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This Week in City Hall: June 6, 2023

Council set to finalize updates to Flag Policy, restart RTRP, and formally oppose proposed state assembly bills for public safety.

City Council will meet in closed and open sessions Tuesday, June 6. Here are highlights from the agenda.

Power battles

After a break since January, the Riverside Transmission Reliability Project (RTRP) is back on the agenda. RTRP is a strongly debated project because it seeks to address Riverside’s reliance on a single connection to the power grid with a plan to install approximately 10 miles of high-voltage transmission line along the Santa Ana River.

A Brief Background

In May 2022 Council voted to pause the project and work with an outside consultant to study alternatives. That November, Council voted to move forward with the project as it was originally approved in 2020 by the California Public Utilities Commission. In January of this year, Council again paused the project to form a working group of federal, state, and local leaders to identify and secure funding sources for further undergrounding of RTRP.

That working group met five times with participation from Congressmen Calvert and Takano, Assemblymembers Cervantes, Essayli, Seyarto, Senator Roth, Councilmembers Conder and Hemenway, City staff, and representatives from Norco’s city council and staff.

What’s Happening Tonight

At tonight’s meeting, Councilmember Placenscia is recommending the “immediate discontinuation of the RTRP Working Group” to move forward on the project as planned without undergrounding the transmission lines.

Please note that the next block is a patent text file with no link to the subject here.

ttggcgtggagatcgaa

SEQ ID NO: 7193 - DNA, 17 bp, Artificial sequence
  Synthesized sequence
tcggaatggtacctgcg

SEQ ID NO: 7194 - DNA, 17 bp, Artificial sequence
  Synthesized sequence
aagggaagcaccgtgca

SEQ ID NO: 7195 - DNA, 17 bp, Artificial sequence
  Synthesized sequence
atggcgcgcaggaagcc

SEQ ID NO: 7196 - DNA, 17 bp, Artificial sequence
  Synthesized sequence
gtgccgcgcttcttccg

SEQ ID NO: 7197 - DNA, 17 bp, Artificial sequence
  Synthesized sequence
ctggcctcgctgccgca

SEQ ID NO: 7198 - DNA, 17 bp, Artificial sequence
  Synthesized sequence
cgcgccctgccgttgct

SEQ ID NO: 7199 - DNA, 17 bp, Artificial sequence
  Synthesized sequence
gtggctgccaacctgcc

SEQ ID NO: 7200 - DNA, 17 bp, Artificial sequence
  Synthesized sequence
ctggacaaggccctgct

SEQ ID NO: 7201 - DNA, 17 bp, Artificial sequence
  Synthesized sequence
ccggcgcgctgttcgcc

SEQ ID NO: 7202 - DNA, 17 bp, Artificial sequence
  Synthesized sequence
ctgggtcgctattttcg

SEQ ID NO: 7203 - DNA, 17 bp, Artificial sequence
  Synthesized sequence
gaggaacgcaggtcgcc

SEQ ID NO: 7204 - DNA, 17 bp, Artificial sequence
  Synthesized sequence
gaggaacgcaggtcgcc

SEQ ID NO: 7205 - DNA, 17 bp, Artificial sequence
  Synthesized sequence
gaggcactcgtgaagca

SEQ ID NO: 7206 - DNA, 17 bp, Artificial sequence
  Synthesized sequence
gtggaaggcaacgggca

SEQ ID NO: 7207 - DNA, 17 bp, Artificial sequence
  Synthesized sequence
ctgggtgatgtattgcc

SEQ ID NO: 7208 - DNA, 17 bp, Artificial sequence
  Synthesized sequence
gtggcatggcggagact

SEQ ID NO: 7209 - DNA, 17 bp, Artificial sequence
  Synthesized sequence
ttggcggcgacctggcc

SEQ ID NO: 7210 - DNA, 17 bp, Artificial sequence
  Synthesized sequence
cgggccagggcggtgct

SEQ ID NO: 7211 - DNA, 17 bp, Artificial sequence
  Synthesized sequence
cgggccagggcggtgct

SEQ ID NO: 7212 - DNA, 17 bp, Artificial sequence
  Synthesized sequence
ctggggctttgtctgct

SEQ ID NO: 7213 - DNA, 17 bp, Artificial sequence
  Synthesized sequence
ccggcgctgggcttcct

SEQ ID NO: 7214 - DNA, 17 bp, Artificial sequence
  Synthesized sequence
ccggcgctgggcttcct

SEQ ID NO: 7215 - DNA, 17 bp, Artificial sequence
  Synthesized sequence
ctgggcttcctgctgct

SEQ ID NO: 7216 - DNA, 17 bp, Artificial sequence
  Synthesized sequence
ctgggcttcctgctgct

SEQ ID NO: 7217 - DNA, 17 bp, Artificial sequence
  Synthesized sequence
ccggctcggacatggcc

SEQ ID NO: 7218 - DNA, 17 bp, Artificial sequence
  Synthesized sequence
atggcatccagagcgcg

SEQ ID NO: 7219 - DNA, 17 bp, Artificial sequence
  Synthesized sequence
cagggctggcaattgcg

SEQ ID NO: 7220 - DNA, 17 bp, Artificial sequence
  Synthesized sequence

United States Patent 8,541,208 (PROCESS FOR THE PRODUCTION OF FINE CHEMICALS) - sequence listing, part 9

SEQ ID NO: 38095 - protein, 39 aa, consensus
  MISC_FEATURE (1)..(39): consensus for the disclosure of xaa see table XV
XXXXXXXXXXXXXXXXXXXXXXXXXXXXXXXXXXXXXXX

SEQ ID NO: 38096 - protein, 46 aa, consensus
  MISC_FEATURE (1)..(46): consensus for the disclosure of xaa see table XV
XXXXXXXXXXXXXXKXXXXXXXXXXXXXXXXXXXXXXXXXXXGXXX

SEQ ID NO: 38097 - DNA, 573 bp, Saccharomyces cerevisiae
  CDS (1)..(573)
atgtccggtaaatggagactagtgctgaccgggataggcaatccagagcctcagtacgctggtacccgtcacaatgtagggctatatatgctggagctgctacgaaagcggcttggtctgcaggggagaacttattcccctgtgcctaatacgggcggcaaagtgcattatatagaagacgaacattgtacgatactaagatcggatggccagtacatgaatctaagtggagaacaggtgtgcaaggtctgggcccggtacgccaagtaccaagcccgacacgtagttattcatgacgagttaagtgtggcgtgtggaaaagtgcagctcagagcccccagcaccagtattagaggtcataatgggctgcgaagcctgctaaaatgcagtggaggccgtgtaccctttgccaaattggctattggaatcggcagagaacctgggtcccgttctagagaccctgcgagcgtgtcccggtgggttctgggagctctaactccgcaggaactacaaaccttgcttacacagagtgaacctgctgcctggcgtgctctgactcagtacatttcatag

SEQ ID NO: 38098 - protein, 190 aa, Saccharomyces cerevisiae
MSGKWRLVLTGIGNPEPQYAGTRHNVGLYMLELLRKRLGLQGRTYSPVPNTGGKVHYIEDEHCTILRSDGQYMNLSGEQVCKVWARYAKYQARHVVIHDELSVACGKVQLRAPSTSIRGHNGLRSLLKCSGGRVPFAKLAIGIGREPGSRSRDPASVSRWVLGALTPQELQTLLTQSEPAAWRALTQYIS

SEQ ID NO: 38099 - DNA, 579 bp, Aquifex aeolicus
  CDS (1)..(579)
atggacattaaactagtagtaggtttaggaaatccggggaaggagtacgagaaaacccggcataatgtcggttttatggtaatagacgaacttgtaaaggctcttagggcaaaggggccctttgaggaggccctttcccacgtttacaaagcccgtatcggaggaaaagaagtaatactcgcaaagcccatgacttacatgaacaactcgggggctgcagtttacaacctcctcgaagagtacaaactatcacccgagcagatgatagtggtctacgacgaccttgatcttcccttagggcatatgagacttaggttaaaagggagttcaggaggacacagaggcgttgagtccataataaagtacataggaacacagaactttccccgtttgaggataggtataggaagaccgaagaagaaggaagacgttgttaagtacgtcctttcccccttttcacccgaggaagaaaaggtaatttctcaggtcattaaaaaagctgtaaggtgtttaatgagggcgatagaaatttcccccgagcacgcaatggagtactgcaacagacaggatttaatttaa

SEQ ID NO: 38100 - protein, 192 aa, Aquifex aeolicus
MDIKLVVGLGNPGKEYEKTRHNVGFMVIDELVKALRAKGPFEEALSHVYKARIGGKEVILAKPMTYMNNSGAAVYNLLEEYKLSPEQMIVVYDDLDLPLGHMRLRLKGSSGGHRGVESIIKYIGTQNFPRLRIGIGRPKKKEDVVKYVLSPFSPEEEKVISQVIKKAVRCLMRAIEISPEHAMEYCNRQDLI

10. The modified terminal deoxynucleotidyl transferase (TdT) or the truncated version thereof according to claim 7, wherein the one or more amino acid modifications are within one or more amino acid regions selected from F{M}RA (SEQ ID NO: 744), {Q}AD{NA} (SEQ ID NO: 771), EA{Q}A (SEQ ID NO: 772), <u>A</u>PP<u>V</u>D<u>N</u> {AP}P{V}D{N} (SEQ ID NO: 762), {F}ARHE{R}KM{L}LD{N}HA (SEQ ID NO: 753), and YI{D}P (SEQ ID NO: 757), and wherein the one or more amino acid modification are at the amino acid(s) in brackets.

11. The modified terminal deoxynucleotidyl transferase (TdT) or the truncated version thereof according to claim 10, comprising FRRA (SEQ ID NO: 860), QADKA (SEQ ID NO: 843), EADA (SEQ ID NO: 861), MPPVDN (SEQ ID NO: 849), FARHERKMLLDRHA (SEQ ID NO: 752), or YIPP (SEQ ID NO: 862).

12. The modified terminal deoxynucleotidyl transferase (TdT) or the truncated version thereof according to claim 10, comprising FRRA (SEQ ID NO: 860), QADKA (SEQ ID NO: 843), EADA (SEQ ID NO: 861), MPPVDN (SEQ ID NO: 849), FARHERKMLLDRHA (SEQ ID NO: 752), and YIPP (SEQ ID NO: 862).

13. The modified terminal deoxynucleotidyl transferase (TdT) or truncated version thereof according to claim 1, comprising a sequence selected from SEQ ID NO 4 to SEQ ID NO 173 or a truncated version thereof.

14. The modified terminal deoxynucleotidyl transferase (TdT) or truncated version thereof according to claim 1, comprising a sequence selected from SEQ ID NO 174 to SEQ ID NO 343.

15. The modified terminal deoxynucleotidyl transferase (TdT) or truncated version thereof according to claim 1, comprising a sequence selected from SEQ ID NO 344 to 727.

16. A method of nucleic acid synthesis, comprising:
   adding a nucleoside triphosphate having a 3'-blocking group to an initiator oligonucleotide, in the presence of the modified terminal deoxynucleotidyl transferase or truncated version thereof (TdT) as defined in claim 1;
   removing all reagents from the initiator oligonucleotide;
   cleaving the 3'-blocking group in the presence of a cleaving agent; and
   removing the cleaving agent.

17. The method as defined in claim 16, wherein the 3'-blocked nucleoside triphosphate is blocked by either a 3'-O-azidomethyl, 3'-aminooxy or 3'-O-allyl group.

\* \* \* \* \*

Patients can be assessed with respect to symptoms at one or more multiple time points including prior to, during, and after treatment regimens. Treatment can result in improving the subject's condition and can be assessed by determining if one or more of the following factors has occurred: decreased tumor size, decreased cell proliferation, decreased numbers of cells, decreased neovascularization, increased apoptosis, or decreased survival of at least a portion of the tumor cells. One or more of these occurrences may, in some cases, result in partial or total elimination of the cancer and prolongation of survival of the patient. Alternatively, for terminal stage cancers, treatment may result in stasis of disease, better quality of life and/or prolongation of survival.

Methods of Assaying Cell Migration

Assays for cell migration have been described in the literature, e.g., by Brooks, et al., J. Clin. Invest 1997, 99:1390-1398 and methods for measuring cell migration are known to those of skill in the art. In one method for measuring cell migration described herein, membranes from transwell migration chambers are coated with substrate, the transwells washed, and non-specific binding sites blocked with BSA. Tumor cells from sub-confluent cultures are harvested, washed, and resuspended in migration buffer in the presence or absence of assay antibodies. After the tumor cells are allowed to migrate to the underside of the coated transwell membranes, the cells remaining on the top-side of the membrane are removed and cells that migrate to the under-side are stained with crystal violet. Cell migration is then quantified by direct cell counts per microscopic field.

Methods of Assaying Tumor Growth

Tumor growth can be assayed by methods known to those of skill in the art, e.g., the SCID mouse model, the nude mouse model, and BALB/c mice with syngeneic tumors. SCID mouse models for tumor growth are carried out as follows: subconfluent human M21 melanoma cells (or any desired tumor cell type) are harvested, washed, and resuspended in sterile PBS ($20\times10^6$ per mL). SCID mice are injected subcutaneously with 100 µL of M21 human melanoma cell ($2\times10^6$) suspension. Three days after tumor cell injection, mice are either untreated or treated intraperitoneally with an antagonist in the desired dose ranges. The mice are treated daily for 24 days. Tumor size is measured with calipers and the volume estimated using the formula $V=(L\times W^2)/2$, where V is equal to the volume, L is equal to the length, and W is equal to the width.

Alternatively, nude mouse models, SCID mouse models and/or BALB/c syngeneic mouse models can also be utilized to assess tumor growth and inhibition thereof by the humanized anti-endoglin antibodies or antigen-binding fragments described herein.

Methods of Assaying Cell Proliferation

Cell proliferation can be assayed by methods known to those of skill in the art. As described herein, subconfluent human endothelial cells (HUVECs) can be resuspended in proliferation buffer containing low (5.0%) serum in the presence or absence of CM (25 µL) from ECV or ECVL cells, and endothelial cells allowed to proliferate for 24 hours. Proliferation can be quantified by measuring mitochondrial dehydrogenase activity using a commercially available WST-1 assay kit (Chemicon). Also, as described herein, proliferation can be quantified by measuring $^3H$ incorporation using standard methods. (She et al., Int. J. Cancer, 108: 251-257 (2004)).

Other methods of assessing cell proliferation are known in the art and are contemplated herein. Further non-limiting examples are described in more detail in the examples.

Flag Policy

Since January, Council has engaged in an active discussion around updating the City’s flag policy. The Flag Policy has a two-step process for considering commemorative flags.

First, on May 2, the Council approved specific flags and their display schedule. The second step requires a separate meeting to approve the display of those flags; that vote will be taken tonight.

State Bill Opposition

City Staff is also asking Council to adopt a resolution opposing Assembly Bill 93 and Assembly Bill 742.

AB 93 prohibits law enforcement from conducting a warrantless search based solely on a person’s consent. The City’s report claims “prohibiting or restricting the use of consensual searches eliminates an individual’s right to cooperate with an investigation” and “the inability to conduct consensual searches would prevent law enforcement from timely resolving active shooter or reports of on campus crime.

AB 742 prohibits using an “unleashed police canine by law enforcement to apprehend or to arrest a person, or to be used for crowd control purposes.” “An arbitrary ban on the use of canines may not increase public safety,” the City’s report claims, “would leave officers with limited options for [crime] prevention or intervention.”